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The Eulogizer: ‘Beat’ writer and editorial cartoonist

JERUSALEM (JTA) — The Eulogizer is a new column (soon-to-be blog) that highlights the life accomplishments of famous and not-so-famous Jews who have passed away recently. Learn about their achievements, honor their memories and celebrate Jewish lives well lived with The Eulogizer. Write to the Eulogizer at eulogizer@jta.org. Read previous columns here.

Jay Landesman, 91, ‘Beat’ generation writer, promoter

Irving “Jay” Landesman, who operated a nightclub in St. Louis that gave an early stage to Barbra Streisand, Woody Allen, Lenny Bruce and others, and who said about himself that he had a “lifetime habit of upsetting the Judeo-Christian applecart,” died Feb. 20 in London at 91.

Landesman’s numerous cultural contributions in the United States and England, where he relocated n 1964, included founding and editing Neurotica, a short-lived but influential journal of Beat writing that gave a forum to Allen Ginsberg, Jack Kerouac and others for their early work. Landesman described the magazine as “a literary exposition, defense and correlation of the problems and personalities that in our culture are defined as "neurotic." Neurotica’s fifth issue was banned by the U.S. Postal Service because it contained a four-letter profanity.

During that era, he and his brother ran the Crystal Palace nightclub in St. Louis, whose performers included, along with Streisand, Allen and Bruce, such later stars as Phyllis Diller, Mike Nichols and Elaine May, and Dick Gregory.

His experiences with the Beats provided fodder for an avant-garde musical written by Landesman and and his wife, poet Fran Landesman. "The Nervous Set” was about the beginnings of the Beat Generation and featured a four-piece jazz combo. A brief Broadway run in 1959 featured a young Larry Hagman.

Norman Mailer wrote of the Beat generation that Landesman and his wife “could be accused of starting it all. By God, they were there at the beginning.”

Landesman’s London home became a gathering spot for hipsters, musicians, writers and entertainers from the 1960s on. Phillip Trevena, author of “Landesmania,” the biography Landesman commissioned, termed him “the Soho Gentleman Bohemian,” who always stayed several steps ahead of mainstream thought.

Landesman was born in St. Louis and operated the family antiques store before moving into the world of avant-garde culture and self-creation. He reportedly renamed himself Jay after reading “The Great Gatsby.” He wrote three volumes of memoirs; the first was "Rebel Without Applause." The final volume, “Tales of a Cultural Conduit,” included the unpublished novel that became the basis of “The Nervous Set.”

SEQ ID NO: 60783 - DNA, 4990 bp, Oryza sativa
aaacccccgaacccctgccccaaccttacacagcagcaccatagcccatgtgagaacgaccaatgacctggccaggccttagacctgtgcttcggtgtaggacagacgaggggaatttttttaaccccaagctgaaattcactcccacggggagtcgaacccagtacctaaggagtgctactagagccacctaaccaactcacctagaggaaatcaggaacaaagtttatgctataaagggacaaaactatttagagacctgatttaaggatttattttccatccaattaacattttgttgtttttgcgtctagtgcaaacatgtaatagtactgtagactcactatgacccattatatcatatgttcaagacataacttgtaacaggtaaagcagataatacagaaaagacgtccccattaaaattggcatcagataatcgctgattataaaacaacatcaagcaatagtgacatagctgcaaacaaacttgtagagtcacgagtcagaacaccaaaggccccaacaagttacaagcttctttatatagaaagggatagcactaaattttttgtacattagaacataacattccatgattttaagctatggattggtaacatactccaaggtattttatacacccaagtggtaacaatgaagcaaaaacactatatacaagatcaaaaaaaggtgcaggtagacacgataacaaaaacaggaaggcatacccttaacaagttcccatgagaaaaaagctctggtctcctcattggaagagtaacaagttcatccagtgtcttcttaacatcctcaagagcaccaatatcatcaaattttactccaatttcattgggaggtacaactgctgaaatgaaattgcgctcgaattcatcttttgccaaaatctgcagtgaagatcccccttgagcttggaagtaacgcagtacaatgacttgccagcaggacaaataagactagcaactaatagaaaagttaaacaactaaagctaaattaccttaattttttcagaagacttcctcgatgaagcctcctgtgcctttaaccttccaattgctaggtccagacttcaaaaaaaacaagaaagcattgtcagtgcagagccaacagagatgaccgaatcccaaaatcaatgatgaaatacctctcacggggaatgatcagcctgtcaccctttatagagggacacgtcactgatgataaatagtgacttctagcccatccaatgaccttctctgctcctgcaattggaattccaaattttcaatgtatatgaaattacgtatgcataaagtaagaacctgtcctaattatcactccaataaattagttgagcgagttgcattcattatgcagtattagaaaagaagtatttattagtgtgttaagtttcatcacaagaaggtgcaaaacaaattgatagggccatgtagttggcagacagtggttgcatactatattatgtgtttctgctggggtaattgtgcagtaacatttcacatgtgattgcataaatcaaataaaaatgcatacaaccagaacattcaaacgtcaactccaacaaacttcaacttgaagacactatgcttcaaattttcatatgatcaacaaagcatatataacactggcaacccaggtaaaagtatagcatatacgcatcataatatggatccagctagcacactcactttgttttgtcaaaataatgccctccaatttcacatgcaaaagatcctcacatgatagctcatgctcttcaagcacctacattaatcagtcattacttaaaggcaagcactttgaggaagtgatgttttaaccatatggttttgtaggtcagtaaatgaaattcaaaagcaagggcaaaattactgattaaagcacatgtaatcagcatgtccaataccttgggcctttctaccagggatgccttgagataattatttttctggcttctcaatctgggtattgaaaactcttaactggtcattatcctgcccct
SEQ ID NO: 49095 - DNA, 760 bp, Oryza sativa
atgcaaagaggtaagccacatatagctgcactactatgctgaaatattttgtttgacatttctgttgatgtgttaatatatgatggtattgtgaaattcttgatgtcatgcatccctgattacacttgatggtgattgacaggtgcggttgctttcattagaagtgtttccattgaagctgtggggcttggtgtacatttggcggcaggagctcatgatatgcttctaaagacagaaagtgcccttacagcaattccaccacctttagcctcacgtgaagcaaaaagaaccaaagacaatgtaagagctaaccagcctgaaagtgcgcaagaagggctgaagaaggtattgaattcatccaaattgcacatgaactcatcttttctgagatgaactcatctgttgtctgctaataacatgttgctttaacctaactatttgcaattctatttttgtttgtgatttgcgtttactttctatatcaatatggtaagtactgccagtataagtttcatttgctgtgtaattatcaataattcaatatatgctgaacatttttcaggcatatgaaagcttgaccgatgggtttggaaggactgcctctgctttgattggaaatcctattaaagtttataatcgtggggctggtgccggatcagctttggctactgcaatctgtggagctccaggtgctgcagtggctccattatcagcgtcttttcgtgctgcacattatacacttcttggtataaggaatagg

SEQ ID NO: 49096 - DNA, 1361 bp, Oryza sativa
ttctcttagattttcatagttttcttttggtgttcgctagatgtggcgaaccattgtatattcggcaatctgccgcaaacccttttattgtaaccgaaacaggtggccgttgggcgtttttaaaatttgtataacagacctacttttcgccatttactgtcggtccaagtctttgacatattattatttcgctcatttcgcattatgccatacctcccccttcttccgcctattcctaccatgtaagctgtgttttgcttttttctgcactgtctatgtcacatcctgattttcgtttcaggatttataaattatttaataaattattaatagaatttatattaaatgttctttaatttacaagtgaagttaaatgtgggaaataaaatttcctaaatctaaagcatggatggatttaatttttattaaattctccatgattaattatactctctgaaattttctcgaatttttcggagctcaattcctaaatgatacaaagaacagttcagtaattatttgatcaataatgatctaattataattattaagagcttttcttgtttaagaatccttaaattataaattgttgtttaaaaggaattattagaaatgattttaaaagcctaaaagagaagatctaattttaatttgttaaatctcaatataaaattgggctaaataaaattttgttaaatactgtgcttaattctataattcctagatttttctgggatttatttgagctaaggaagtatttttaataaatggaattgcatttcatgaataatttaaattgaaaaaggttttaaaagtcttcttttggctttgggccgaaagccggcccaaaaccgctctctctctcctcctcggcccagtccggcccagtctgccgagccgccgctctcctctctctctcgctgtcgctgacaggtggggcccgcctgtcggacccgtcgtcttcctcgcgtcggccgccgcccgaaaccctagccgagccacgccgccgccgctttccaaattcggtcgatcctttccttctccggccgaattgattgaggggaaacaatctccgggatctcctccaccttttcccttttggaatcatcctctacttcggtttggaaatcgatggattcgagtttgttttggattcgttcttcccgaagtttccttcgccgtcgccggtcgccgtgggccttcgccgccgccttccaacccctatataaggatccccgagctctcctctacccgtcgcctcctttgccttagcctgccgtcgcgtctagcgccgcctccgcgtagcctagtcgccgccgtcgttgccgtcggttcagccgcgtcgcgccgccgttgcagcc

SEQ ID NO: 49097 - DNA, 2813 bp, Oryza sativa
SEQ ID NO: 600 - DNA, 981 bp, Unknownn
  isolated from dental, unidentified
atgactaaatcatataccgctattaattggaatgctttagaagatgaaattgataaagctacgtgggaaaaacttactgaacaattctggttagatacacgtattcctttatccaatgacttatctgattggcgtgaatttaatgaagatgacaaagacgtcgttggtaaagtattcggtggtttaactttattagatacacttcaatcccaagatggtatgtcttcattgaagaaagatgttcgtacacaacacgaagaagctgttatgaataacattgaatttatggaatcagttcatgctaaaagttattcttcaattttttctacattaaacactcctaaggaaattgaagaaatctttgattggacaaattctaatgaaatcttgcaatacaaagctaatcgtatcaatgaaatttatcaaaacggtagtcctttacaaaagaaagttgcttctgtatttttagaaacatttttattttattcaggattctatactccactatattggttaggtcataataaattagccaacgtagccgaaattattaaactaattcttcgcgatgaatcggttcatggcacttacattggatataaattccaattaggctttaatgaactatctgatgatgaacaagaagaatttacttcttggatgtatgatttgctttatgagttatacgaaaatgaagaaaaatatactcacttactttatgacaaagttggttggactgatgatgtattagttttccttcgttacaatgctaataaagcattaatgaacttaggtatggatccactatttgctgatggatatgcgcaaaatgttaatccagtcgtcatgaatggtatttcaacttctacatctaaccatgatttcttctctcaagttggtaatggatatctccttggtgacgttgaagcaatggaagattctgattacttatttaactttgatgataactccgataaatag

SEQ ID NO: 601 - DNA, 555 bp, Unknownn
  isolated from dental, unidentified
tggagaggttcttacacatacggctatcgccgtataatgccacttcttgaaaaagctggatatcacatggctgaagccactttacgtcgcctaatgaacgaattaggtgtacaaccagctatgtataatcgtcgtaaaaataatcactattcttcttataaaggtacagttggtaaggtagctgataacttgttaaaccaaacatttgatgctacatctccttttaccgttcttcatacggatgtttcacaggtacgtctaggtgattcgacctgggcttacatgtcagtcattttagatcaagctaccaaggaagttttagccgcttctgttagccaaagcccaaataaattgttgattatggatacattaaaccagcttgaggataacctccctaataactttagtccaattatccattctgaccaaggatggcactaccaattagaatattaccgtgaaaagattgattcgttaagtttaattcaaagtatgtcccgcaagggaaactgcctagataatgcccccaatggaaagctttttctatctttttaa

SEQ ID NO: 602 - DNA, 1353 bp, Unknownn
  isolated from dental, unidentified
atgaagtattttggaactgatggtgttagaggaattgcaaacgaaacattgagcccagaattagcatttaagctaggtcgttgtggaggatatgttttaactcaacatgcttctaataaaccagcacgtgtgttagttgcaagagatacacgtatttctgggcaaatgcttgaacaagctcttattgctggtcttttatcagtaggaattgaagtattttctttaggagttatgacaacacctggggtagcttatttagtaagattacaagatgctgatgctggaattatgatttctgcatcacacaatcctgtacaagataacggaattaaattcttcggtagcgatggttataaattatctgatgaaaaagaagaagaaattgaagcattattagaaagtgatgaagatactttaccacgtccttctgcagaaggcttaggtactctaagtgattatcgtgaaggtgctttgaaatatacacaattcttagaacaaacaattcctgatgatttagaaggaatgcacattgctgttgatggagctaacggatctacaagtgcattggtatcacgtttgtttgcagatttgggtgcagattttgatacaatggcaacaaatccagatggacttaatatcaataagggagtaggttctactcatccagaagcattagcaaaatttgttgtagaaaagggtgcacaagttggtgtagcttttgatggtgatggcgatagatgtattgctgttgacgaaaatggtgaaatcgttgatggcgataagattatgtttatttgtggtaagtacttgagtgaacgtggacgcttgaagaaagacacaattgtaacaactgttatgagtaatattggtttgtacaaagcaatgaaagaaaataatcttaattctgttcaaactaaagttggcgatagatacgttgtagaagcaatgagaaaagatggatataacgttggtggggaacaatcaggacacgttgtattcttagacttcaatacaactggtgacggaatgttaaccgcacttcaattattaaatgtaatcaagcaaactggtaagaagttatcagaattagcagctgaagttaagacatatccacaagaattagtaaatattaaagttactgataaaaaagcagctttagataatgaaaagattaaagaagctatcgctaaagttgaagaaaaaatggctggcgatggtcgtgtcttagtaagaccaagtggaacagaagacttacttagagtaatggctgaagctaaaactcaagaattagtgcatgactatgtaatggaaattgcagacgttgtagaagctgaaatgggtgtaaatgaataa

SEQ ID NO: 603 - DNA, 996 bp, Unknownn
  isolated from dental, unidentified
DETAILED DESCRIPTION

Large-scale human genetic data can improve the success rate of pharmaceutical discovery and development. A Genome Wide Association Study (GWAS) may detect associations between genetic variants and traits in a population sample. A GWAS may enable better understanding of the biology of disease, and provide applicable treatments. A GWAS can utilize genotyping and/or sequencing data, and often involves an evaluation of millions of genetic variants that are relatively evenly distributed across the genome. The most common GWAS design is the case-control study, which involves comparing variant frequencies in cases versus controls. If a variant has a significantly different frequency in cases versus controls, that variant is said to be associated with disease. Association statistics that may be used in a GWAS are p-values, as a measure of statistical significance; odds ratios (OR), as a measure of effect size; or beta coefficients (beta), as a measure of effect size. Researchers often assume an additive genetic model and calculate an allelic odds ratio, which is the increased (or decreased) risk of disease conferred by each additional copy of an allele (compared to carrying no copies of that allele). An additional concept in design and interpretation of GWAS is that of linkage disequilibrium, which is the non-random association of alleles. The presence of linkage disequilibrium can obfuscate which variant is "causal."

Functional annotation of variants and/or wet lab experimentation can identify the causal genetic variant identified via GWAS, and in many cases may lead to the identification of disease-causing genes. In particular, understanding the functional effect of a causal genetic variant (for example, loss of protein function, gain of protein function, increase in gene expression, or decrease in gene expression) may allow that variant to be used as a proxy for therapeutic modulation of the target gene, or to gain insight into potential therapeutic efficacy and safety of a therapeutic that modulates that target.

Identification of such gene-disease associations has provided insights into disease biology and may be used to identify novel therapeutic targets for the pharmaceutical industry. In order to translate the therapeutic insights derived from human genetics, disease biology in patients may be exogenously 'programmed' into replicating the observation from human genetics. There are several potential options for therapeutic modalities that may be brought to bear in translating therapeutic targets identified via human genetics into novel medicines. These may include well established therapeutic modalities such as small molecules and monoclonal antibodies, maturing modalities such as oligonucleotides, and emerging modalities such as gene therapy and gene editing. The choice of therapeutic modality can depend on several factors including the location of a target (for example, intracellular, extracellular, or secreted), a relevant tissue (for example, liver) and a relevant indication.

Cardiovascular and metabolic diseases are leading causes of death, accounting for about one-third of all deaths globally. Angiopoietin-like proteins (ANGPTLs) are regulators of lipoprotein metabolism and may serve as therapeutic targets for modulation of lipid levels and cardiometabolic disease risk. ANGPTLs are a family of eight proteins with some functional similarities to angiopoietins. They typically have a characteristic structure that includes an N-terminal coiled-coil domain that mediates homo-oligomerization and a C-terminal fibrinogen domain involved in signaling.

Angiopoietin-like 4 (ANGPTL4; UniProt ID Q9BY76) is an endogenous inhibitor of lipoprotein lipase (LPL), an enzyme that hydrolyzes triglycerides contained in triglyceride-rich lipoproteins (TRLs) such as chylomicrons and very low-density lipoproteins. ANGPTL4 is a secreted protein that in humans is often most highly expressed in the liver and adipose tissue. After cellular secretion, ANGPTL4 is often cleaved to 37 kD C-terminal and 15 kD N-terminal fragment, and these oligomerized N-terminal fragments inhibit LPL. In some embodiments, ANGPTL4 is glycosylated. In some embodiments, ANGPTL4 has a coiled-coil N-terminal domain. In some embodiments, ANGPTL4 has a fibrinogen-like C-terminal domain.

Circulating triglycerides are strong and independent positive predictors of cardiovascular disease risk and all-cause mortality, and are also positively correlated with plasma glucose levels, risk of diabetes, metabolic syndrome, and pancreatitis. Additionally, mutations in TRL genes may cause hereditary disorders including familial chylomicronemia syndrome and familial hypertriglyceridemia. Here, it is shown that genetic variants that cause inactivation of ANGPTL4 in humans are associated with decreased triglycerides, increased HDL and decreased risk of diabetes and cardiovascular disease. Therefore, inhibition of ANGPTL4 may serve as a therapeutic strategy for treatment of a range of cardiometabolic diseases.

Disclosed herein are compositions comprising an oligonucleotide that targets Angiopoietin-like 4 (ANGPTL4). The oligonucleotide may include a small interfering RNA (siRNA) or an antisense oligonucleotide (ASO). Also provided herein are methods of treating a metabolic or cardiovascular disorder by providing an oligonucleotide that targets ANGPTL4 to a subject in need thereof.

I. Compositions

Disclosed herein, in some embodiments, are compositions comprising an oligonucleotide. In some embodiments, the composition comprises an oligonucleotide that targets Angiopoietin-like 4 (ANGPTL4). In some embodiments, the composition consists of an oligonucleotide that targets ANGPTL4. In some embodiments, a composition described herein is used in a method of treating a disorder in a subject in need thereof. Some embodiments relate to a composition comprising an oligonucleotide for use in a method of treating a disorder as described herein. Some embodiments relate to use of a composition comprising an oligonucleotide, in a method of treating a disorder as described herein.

Fran Landesman continues to write and perform. Their eldest son, Cosmo, is a London-based journalist and critic, and their other son, Miles Davis Landesman, is a musician.

Hy Rosen, 88, editorial cartoonist and sculptor

Hy Rosen, an illustrator, political cartoonist and sculptor whose work ranged from comic books to museum pieces, died Feb. 24 at 88, at his home in Albany, N.Y.

Rosen was the first and longest-tenured political cartoonist at the Albany Times Union, his hometown paper, and drew more than 10,000 cartoons from the time he started in 1945. Times Union editor Rex Smith described Rosen as "a truth-teller with a mighty pen."

Rosen was a founding member and a former president of the Association of American Editorial Cartoonists. He was the longest-tenured cartoonist on one newspaper when he retired in 1988.

Rosen’s career also included work before and during his newspaper days as a comic book artist. He was an artist and writer on such 1950s comics as “Georgie,” “Adventures into Terror,” “Little Joe” and “Girl.”

In retirement, Rosen sculpted works that now are at the New York State Library, New York State Museum and other locales. One sculpture was based on the famous World War II-era photo of a Jewish boy surrendering to the Nazis in war-torn Warsaw.

Rosen was raised in a low-income ethnic melting pot neighborhood in Albany and spent his early years accompanying his immigrant ragman father, Myer, on his horse-drawn wagon collecting rags and newspapers.

Rosen was in an engineering battalion in France during World War II, and trained at the Chicago Art Institute and the New York Art Students League.

A personal note from The Eulogizer: I knew Hy Rosen when I worked at the Times Union. He was a talented artist and a mensch who was well known and well liked in Albany’s Jewish community.

 

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